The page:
Mexico round-up

1. Mexican maquiladora industry cry foul on new taxes

2. Educating Journalists: Alfredo Corchado & Mónica Ortiz Uribe at Columbia University

3. Entrevista con un Zeta

4. NPR: Riding ‘The Beast’: Alt.Latino Interviews Salvadoran Journalist Oscar Martinez

5. From Mansfield to Mexico: Man of two countries is at home in neither 

6. Death and Corruption: Organized Crime and Local Govt in Mexico

Mexican Monday Round Up

1. U.S. and Mexico quietly building trust on their own terms ““We’re very much doing the same thing we’ve done for the past decade or so. We’re just more aware of the sensitivities and respectful of the current climate.'”

2. Mexico’s Female Vigilante Squads “The force is made up of mostly middle-aged housewives, mothers and grandmothers. Many of these women have lost loved ones to violence, or were victims of crime themselves. They have lived in fear for their family, and they decided that they’ve had enough. So roughly 100 women have now volunteered to put their lives on the line in order to protect their children and defend their community.”

3. How Tacos Explain Mexico’s Labor Market “Like meat in an over-stuffed taco, many people don’t fit into the formal sector and fall out to the sidelines.”

4. From a Tortilla, the Feeling of a Warm Embrace “People have been putting food inside tortillas and eating them for centuries, but the first tacos to be called tacos were probably eaten by 18th-century laborers working in the silver mines of Mexico, said José R. Ralat, an expert on the folklore of tacos. The miners gave the food the same name as the little sticks of dynamite they used in their work.”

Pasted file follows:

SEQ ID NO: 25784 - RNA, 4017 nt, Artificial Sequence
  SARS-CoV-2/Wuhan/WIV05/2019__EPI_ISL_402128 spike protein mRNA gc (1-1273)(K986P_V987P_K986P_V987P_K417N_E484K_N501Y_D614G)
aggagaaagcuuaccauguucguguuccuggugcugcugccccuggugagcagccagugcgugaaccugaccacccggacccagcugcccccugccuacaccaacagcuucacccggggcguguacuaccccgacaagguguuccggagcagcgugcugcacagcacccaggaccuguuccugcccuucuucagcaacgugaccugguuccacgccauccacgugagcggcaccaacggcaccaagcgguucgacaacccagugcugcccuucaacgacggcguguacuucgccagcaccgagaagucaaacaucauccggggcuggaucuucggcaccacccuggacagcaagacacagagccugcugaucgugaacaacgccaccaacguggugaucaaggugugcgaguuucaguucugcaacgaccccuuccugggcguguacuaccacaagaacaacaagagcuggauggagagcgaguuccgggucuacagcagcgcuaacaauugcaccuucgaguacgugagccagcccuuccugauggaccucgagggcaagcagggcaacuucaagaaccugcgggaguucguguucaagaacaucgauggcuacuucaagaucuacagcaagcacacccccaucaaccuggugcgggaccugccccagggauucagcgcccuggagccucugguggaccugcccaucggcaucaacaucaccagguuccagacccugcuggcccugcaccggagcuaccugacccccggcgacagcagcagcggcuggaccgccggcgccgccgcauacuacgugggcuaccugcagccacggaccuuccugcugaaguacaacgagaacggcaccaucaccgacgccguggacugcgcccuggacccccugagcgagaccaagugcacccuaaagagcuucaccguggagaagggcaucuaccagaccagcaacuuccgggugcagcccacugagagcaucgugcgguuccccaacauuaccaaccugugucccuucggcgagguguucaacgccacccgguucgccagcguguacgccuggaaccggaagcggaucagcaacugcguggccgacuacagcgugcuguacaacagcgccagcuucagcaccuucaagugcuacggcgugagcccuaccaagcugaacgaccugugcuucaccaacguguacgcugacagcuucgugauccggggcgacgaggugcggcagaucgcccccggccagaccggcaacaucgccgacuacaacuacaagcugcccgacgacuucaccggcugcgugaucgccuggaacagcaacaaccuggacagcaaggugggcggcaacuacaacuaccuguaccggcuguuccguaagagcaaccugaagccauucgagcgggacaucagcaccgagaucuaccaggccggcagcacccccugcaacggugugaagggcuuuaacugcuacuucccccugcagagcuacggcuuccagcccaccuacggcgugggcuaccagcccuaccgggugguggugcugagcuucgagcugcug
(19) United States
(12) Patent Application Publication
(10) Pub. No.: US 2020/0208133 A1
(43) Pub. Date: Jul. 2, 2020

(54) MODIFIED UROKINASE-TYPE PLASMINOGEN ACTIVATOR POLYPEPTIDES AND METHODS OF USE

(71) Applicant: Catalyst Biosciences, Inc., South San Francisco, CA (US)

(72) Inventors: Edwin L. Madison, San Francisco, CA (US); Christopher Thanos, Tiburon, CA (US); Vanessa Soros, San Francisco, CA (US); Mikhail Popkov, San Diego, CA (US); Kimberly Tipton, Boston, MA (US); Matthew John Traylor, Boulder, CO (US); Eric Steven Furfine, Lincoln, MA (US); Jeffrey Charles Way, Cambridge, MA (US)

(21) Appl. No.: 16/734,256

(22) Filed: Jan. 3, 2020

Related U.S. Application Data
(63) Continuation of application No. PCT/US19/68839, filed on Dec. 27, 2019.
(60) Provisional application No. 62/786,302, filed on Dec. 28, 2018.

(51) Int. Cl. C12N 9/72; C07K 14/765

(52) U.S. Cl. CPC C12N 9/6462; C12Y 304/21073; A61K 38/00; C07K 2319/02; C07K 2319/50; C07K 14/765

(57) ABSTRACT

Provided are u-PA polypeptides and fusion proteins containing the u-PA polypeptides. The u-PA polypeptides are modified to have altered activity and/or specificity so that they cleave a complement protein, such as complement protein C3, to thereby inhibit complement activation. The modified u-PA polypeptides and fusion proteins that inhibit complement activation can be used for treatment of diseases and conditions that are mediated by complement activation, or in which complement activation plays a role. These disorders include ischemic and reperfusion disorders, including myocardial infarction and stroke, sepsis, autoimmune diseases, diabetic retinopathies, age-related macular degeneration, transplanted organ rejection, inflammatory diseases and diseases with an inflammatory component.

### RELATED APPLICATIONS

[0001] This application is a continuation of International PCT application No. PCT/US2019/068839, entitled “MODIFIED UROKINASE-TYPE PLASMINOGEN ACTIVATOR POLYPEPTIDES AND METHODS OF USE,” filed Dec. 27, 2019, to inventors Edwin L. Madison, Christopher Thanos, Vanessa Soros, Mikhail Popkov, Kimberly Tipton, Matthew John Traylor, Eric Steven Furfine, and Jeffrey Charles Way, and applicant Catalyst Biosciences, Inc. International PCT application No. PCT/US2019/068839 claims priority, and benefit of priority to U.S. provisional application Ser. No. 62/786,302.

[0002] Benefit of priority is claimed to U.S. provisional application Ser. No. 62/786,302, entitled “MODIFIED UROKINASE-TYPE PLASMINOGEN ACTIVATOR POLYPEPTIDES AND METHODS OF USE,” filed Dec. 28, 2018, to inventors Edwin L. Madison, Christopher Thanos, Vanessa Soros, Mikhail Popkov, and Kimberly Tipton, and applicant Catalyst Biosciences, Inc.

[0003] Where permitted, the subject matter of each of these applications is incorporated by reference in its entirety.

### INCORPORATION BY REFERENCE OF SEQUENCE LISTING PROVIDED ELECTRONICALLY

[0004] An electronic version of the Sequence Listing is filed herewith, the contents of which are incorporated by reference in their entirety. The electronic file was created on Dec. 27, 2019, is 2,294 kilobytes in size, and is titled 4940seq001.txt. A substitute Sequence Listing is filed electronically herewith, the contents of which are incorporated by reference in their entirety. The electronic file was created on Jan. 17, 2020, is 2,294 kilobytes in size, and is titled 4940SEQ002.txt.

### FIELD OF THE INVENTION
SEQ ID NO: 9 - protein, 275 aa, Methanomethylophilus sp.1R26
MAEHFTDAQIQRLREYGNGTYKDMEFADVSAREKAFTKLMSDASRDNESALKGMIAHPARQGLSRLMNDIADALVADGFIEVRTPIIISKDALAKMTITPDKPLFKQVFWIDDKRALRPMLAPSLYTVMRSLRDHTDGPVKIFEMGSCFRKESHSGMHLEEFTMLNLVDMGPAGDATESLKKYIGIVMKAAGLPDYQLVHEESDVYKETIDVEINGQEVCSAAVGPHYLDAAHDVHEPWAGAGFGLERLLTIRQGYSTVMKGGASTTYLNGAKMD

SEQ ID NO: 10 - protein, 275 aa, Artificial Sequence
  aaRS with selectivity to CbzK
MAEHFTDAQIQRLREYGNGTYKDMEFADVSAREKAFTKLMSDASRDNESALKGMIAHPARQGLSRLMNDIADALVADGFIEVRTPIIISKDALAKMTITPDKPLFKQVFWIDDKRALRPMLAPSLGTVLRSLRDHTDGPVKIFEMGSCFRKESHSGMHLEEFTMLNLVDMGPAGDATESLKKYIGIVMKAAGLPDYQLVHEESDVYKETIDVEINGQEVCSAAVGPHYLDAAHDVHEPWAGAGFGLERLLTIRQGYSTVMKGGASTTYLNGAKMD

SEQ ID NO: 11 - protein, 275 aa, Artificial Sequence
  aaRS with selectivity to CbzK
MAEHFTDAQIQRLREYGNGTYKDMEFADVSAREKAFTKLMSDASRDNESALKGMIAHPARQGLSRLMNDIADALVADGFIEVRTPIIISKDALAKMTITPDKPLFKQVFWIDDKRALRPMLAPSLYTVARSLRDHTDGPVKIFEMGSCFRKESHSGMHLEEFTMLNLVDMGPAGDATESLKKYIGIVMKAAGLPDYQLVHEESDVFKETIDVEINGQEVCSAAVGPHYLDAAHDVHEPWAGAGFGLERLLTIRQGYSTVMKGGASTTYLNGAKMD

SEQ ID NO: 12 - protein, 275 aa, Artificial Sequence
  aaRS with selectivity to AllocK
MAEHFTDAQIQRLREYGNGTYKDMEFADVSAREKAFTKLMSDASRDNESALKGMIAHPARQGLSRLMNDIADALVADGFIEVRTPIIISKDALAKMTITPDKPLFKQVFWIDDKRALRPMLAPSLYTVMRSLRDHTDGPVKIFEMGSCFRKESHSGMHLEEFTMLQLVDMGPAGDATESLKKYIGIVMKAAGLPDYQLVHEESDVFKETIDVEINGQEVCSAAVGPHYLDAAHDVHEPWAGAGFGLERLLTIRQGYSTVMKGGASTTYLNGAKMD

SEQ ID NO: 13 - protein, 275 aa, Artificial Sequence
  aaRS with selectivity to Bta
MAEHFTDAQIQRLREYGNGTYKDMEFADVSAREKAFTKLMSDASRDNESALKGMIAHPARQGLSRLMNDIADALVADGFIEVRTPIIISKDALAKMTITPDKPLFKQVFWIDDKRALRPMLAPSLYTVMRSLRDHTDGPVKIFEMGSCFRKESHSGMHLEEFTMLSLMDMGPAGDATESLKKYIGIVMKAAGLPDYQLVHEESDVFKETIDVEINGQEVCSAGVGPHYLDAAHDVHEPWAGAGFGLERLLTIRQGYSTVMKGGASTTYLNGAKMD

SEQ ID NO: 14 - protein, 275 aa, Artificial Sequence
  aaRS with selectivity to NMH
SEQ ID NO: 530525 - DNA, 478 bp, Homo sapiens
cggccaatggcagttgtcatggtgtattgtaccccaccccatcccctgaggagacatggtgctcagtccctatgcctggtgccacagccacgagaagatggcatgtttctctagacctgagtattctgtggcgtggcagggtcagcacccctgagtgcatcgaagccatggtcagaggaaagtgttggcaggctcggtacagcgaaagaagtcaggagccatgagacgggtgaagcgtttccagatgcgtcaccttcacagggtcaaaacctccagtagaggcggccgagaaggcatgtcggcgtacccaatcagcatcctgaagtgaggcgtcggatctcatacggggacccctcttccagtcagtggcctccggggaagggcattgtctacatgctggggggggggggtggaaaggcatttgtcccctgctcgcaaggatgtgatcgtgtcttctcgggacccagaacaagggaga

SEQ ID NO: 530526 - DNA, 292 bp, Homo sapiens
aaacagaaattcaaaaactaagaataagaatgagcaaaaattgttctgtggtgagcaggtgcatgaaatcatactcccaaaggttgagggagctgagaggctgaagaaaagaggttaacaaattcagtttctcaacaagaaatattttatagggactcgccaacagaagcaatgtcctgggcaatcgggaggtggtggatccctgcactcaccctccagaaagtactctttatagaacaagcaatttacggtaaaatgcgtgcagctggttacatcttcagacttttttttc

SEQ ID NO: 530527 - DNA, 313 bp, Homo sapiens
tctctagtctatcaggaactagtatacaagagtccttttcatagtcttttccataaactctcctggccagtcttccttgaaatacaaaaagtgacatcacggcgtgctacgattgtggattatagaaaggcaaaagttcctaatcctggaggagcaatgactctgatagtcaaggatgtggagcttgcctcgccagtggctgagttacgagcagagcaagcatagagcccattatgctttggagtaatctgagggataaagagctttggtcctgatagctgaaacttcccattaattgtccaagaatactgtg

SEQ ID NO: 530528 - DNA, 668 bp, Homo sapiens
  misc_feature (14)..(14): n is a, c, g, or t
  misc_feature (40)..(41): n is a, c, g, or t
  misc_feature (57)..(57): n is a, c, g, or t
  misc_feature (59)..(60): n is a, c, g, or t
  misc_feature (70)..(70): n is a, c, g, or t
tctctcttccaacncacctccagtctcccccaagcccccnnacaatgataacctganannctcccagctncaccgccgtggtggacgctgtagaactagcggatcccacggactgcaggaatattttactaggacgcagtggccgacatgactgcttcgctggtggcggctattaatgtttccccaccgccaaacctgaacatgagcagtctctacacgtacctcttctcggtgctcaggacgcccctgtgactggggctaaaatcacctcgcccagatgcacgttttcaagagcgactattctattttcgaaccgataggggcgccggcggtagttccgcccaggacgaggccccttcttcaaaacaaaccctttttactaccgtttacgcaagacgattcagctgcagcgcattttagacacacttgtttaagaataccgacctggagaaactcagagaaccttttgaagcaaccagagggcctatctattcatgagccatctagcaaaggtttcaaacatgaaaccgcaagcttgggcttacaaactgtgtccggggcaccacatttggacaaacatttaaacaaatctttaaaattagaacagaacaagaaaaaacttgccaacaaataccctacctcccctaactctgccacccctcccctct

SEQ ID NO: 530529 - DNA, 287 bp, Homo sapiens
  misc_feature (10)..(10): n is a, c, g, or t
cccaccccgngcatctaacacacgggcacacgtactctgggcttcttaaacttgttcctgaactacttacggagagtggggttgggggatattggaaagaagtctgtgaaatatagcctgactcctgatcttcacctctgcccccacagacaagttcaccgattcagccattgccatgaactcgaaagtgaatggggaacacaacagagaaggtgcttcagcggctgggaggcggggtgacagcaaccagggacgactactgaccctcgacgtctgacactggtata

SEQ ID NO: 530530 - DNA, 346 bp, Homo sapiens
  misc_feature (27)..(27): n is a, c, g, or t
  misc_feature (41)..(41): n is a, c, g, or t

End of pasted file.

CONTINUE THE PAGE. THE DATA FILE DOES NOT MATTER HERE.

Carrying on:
Developing country news round up

1. The plight of Latin America’s teachers.  “Japan: take our soccer, give us your education.” 

2. Nicaragua canal a big dig — or big scam? “There are many reasons to think it may be the latter.” Indeed!

3. Mexico City launches trash-for-food clean-up program. “Recyclable materials are exchanged for points then used to buy organic food and product.”

4. Bhutan Is No Shangri-La.  “Bhutan conducted a special census in the south and then proceeded to cast out nearly 100,000 people — about one-sixth of its population, nearly all of them of Nepalese origin.”

5. Afghanistan’s new rich – in pictures.

 

 

Links I found interesting

1. Nationwide protests disrupt Costa Rica  “President Laura Chinchilla is one of the least popular presidents in Latin America today which some protesters believe makes her vulnerable to succumbing to public pressure and to meeting their demands.”

2. Does it take a village? “No one takes the Millennium Villages seriously as a research project — no one in development economics.” Edward Miguel

3. Sierra Leone imposes travel restriction on bank workers “All employees of the banking sector in Sierra Leone will, with immediate effect, require police clearance to travel out of the country. The new directive, which also affects employees of the National Revenue Authority (NRA) and the Sierra Leone Shipping agencies, is in connection with an ongoing investigation of a massive banking fraud which the authorities believe is aimed at emptying government coffers.”

4. Hoop Dreams in Oaxaca’s Hills “In my part of the Sierra, the basketball courts are like the zócalo in the colonial city,” Mr. Santiago said, using the Spanish word for “plaza.” “It’s really the most important part of the town. A respectable town has a church, and a basketball court in front of the church.”